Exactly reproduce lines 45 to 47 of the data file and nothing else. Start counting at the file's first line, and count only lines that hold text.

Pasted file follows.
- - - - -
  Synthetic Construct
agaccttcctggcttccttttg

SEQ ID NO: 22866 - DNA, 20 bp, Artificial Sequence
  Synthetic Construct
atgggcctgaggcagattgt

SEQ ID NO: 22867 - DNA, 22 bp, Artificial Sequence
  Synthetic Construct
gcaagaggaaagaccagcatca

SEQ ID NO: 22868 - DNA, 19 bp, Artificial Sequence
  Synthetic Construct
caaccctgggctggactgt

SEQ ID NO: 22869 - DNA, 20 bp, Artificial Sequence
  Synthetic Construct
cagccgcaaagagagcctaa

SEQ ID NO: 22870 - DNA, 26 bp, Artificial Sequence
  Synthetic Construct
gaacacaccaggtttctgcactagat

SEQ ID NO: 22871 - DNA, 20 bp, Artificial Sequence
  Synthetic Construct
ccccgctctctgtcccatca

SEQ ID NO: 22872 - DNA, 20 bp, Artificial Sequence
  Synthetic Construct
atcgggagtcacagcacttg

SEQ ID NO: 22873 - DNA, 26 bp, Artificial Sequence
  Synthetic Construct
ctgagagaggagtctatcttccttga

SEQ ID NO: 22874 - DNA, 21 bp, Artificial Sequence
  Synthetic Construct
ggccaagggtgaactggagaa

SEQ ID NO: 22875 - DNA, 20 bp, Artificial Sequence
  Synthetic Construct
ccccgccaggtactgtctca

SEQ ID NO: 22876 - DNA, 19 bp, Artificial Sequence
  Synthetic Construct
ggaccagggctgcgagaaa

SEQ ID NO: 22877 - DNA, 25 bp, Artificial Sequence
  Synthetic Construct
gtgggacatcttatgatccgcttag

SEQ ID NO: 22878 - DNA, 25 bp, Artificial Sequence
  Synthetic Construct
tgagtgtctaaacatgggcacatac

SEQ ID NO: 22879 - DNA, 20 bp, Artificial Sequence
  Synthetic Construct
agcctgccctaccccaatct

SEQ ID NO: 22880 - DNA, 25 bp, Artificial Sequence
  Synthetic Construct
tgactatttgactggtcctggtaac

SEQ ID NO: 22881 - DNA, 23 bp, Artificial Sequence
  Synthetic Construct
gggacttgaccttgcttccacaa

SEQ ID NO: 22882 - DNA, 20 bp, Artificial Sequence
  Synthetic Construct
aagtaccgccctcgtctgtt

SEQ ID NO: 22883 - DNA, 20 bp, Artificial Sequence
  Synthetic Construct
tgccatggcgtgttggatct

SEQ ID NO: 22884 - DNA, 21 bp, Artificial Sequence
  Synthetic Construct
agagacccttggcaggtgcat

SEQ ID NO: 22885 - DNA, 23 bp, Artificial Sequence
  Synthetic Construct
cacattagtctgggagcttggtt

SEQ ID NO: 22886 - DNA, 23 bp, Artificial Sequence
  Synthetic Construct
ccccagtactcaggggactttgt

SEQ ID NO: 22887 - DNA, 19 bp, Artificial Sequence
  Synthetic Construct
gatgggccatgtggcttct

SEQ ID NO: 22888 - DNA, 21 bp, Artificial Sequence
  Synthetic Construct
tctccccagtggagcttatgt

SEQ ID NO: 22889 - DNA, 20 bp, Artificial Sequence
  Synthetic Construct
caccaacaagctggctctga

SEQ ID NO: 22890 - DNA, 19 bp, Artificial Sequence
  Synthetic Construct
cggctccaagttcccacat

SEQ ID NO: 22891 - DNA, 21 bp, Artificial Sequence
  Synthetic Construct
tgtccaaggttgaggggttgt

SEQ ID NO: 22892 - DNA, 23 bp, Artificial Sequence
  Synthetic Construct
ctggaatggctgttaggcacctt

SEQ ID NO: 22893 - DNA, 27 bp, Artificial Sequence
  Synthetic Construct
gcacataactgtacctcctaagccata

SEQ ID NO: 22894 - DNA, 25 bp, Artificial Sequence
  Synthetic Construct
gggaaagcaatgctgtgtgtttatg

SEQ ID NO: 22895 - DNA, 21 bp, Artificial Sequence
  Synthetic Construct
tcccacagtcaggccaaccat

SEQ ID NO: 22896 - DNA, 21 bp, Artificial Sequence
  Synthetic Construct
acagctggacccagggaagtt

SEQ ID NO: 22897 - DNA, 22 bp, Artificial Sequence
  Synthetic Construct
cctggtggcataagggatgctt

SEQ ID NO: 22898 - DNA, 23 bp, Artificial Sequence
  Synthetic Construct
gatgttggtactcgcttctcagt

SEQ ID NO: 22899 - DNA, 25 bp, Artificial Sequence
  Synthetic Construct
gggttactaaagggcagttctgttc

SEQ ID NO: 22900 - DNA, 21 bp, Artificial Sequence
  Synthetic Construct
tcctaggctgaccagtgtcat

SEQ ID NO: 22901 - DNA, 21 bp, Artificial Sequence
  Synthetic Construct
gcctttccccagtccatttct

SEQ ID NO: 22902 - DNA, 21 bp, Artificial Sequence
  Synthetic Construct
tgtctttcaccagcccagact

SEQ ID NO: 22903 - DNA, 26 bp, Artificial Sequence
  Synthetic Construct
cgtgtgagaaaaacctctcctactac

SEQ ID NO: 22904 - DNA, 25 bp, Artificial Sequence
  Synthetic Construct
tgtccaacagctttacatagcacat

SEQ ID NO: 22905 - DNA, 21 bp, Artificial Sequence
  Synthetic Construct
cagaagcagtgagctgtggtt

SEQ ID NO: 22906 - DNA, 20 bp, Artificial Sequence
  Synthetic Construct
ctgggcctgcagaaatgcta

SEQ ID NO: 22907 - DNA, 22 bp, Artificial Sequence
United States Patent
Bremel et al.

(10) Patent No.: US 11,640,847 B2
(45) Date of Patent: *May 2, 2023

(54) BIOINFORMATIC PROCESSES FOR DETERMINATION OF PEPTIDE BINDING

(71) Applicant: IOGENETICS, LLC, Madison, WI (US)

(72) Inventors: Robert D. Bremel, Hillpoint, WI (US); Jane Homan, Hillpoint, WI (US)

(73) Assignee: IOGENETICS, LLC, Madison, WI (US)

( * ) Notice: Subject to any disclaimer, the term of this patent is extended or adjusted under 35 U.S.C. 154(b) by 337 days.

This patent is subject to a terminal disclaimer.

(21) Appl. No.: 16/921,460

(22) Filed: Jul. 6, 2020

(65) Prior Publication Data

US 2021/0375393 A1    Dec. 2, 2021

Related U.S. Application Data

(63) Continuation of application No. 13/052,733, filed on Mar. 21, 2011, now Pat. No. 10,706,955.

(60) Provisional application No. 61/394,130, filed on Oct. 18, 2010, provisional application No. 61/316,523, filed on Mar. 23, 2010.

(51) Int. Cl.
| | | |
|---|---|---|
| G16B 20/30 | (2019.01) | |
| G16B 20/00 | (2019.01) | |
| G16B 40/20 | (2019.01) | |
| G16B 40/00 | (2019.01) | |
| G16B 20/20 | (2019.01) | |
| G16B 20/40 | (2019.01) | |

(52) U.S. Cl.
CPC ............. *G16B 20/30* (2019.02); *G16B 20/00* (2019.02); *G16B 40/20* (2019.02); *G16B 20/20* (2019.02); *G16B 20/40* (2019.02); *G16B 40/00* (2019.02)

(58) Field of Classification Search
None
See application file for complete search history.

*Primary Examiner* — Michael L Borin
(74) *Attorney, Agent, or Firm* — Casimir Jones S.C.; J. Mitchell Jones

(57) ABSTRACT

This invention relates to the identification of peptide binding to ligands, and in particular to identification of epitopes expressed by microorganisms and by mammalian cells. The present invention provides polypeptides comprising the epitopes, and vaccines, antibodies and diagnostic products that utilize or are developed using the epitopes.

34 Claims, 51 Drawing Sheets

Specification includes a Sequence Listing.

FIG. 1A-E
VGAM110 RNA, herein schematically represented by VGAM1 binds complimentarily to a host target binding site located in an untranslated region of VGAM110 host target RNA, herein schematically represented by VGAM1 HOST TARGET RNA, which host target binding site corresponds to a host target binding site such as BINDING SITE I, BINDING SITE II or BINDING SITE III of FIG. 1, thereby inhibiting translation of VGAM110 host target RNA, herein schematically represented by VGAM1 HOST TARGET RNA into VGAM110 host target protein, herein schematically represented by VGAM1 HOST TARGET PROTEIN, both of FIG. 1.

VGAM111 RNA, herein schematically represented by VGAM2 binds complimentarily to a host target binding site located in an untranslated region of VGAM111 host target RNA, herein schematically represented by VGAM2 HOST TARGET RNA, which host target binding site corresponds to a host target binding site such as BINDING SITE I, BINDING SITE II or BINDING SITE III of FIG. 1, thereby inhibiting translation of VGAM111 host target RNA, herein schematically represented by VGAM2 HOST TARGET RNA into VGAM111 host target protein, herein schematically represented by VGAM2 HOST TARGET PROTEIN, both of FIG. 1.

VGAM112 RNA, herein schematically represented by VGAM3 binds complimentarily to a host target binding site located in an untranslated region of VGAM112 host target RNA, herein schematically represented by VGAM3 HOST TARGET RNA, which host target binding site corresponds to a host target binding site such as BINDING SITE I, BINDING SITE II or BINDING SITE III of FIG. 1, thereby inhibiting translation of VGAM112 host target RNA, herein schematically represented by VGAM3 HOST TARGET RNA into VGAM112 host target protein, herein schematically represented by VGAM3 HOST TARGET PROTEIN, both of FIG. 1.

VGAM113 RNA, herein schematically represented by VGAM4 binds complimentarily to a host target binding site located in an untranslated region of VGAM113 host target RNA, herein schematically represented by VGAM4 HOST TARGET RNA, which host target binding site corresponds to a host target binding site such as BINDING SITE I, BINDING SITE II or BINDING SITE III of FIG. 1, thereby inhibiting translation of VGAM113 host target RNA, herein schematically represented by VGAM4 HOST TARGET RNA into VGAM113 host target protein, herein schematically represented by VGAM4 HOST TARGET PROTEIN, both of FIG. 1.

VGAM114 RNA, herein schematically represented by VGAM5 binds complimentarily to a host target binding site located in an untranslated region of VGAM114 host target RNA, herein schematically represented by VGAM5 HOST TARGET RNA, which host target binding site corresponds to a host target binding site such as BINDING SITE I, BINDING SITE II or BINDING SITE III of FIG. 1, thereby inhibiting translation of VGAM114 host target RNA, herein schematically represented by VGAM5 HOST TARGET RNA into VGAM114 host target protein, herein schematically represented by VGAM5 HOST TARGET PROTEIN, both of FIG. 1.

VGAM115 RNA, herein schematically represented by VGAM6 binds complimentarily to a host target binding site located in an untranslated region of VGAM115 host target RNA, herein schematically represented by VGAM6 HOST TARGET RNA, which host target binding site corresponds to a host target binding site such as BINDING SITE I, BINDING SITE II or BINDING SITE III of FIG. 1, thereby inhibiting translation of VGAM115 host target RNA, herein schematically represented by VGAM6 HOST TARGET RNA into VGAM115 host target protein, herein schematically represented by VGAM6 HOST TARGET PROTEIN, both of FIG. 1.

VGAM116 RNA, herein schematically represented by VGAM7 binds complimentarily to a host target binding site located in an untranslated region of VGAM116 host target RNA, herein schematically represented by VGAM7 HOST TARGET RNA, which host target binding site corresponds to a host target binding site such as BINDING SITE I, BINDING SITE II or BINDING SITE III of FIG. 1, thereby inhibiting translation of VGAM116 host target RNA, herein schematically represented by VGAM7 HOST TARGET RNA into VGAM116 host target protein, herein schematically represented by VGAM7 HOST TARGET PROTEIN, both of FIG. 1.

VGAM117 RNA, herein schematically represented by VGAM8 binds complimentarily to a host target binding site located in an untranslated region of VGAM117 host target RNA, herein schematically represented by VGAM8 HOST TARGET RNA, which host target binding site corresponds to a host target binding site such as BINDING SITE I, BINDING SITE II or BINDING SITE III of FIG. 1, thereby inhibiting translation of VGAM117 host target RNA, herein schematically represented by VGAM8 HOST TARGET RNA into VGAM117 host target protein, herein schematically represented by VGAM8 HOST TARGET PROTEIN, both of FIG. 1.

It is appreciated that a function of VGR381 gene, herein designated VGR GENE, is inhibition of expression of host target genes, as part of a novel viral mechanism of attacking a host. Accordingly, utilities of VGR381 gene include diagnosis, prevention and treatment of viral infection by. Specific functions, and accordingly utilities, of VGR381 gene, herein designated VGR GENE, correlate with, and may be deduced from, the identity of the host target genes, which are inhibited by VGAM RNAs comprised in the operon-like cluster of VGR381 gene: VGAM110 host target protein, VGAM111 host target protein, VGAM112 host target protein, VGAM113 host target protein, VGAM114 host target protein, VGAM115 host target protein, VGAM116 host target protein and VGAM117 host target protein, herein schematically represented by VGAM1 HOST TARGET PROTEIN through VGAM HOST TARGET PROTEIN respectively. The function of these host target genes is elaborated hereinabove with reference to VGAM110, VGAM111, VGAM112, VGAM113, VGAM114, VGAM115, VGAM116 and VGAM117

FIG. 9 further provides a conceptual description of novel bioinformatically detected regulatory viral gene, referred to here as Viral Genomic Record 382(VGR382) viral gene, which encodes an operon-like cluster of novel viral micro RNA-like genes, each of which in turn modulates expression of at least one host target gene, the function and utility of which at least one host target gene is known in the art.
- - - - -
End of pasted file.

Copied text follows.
SEQ ID NO: 22880 - DNA, 25 bp, Artificial Sequence
  Synthetic Construct
tgactatttgactggtcctggtaac